Credit unions in the path of Hurricane Sandy put their promise of service excellence to the test following the devastation created by the late October storm.
Despite having multiple branches sustain damage and numerous power outages, employees at Municipal Credit Union ($1.7 billion, Queens, NY) were determined to ensure that members had access to their money.
“We had deposits coming in at the first of the month but were still dealing with power outages, which was impacting ACH and direct deposit,” says Mike Mattone, AVP Communications and Public Relations for MCU.
Mattone says that employees arrived with generators and assistance; working day and night to manually input ACH deposits. “With mass transit being down and two of our branches still unable to be opened, we had as many employees come into the branches as possible to help.”
Credit union employees worked tirelessly, despite facing their own personal loss from the hurricane. “We told members to just come into the branches and if the deposit had not been added to the system we could look up the deposit history,” Mattone continues. “If the incoming deposit was very similar or the same in our history we would just advance the money to them.”
Mattone says that MCU took an especially hard hit as two branches, Oceanside and Coney Island sustained damage that have put both locations on hold indefinitely. “We don’t have a date as to when the branches will re-open but we are working with our members and employees to re-direct them to the closest branch near them in the meantime.”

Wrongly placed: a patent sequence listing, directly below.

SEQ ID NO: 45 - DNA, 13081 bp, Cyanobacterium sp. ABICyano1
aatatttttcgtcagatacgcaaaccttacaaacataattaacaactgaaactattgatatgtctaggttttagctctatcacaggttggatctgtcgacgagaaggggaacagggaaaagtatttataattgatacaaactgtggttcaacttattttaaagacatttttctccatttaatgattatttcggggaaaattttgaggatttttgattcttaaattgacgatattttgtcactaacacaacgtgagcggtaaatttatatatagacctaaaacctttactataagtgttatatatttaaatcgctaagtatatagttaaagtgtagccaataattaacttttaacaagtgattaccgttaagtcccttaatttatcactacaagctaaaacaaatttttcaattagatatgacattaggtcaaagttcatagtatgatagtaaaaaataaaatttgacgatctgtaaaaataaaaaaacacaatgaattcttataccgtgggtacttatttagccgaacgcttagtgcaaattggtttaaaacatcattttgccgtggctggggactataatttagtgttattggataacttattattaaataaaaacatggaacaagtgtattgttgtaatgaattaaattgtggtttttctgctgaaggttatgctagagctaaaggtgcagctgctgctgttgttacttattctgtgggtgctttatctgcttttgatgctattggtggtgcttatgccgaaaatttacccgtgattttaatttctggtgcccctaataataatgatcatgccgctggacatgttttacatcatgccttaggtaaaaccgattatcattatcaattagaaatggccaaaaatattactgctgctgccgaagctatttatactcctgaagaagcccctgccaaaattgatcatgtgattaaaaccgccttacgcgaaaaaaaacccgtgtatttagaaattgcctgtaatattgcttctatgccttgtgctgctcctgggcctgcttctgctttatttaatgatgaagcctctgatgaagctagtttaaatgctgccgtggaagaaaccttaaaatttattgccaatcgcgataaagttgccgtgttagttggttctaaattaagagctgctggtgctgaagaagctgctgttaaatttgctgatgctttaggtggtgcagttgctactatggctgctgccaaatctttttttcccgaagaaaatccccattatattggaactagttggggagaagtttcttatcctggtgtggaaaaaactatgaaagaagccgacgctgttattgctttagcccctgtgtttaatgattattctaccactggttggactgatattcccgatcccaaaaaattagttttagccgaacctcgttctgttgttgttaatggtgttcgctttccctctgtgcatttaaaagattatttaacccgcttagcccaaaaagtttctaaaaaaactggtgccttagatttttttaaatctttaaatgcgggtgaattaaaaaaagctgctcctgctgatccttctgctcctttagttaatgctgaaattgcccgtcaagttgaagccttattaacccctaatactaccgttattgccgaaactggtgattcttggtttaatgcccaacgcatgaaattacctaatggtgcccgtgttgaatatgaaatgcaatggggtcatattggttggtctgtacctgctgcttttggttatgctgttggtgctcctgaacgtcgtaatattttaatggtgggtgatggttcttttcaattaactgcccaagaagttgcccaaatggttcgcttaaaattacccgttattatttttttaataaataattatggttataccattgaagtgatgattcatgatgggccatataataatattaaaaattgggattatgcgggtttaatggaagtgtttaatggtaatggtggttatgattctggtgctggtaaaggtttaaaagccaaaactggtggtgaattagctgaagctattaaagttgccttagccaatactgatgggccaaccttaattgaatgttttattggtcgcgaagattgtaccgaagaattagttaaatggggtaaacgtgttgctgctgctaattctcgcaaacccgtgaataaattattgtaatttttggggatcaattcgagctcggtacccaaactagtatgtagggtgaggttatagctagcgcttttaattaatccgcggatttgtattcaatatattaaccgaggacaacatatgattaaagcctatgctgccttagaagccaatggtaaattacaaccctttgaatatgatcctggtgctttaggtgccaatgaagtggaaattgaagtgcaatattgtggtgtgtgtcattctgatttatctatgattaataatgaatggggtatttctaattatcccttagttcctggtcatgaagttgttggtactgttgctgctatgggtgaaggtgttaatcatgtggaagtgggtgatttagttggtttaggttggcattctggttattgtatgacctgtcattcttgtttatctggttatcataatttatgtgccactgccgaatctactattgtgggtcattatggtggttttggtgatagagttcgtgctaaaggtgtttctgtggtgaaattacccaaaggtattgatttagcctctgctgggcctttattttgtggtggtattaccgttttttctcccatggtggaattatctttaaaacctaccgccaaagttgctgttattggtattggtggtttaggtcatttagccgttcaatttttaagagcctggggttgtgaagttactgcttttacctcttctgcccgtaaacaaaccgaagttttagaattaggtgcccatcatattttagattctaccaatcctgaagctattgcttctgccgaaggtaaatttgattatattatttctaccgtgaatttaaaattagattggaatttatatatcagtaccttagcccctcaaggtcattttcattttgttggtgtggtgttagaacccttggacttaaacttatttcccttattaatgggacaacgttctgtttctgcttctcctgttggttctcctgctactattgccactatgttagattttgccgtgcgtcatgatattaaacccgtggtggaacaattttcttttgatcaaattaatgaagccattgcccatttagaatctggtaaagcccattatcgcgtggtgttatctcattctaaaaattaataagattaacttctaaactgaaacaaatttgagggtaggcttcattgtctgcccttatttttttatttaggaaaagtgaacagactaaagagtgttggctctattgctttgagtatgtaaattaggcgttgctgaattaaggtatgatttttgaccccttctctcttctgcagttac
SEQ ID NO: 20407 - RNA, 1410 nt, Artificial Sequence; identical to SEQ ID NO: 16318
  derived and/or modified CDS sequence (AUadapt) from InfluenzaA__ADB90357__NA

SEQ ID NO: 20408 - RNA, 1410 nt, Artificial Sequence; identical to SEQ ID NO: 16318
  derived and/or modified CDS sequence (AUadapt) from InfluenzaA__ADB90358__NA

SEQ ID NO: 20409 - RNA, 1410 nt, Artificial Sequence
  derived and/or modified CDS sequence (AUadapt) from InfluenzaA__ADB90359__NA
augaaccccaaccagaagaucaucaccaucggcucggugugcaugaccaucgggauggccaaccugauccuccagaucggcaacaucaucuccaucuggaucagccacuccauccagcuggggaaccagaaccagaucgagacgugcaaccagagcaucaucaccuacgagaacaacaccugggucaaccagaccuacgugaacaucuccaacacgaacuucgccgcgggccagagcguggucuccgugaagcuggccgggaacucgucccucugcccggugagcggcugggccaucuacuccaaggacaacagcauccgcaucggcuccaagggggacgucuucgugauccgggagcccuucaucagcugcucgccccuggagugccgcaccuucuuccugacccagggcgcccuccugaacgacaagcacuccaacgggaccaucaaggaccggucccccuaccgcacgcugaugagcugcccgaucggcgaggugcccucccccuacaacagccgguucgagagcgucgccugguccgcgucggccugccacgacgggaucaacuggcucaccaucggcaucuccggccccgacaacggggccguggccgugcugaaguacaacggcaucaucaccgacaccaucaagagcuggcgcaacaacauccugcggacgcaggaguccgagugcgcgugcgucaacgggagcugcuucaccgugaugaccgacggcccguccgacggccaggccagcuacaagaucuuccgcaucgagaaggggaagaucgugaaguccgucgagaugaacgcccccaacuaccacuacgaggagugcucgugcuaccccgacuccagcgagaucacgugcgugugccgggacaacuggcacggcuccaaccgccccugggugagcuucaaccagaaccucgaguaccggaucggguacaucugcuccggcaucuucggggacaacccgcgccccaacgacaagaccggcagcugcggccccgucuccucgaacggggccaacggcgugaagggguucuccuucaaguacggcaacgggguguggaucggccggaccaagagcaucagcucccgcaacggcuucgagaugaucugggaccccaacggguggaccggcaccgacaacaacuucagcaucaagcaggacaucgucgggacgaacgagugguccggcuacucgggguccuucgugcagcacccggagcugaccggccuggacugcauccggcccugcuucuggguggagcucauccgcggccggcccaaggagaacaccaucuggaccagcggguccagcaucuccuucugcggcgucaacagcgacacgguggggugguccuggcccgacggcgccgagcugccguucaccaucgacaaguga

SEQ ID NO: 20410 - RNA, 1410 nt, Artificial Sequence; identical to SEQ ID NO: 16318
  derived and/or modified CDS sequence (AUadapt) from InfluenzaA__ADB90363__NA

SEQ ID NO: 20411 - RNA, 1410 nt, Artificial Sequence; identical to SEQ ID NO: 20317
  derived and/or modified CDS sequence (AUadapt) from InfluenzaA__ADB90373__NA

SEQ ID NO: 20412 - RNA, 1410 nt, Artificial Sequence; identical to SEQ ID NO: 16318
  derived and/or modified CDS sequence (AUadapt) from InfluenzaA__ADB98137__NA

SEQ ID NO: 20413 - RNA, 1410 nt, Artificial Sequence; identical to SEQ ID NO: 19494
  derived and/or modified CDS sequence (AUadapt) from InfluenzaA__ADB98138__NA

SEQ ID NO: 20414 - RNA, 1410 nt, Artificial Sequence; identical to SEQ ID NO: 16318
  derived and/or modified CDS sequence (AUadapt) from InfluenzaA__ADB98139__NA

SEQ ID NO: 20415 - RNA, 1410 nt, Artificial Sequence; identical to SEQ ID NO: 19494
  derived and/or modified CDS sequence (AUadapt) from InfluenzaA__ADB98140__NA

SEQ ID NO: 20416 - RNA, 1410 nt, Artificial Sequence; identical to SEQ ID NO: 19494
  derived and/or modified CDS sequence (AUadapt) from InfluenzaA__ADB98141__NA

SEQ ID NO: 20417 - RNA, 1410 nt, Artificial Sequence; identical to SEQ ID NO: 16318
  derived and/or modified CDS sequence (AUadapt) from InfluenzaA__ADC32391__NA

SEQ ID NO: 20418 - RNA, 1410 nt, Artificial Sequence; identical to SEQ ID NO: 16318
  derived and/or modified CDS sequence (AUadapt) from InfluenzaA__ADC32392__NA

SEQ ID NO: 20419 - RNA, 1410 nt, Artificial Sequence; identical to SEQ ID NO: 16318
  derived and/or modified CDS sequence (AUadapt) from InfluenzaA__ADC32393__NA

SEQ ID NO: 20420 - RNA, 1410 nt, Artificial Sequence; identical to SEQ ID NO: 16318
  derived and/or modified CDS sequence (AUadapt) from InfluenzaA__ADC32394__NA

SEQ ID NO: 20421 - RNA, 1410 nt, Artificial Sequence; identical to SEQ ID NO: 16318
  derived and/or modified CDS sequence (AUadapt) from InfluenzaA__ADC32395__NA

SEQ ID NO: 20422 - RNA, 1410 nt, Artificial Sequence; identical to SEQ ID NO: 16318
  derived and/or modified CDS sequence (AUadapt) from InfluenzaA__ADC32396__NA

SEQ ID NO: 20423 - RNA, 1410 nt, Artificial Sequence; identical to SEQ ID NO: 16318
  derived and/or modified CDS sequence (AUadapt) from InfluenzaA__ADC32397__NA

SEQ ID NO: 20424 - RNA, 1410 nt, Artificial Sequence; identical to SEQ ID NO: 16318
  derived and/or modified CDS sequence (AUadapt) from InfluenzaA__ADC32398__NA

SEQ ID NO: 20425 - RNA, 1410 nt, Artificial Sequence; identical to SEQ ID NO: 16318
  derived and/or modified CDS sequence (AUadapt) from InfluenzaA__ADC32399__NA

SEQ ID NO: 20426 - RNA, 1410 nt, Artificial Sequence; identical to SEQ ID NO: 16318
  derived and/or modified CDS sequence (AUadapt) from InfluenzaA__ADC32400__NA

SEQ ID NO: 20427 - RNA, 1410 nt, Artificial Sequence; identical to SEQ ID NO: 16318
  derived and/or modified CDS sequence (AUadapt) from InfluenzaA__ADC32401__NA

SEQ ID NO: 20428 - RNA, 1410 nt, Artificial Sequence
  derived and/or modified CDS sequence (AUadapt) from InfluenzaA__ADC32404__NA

Before the hurricane hit Mattone says that the credit union had a disaster recovery plan, but had no idea that the hurricane would cause as much damage and destruction as it did.
“Being located near the World Trade Center, we devised a disaster recovery plan following the attacks in 2001,” he says. “We had the plans in place but unfortunately due to the extensive amount of power outages and flooding where our main office is located, what we had planned didn’t work up to the capability to what we needed.”
NEFCU ($1.9 billion, Westbury, NY) has been waiving member NSF and Courtesy Pay fees and allowing CD withdrawals without penalty throughout the ordeal. “Also, many school districts around here were closed including the administrative offices,” explains John A. De Ieso, Chief Information Officer/SVP. “We had noticed that several school districts had not processed their payroll deductions to NEFCU, so as a service to our long-time school district members; we posted credits to their accounts in the amount of their last payroll deduction, so they would not be without funds in this crisis. We have since worked with the districts on the logistics, but when there was nobody around to contact, we felt it was best to just be there for our members.”
“We also setup a special hotline phone number that goes to our best reps with priority treatment for those hit by Sandy’s wrath and have setup a group of experts on insurance, forbearance, collateral loss and special loan programs to act as a Tier 2 Service Team,” he continues. “We have clearly informed the team that getting top notch priority service and relief for those affected is an organizational priority.”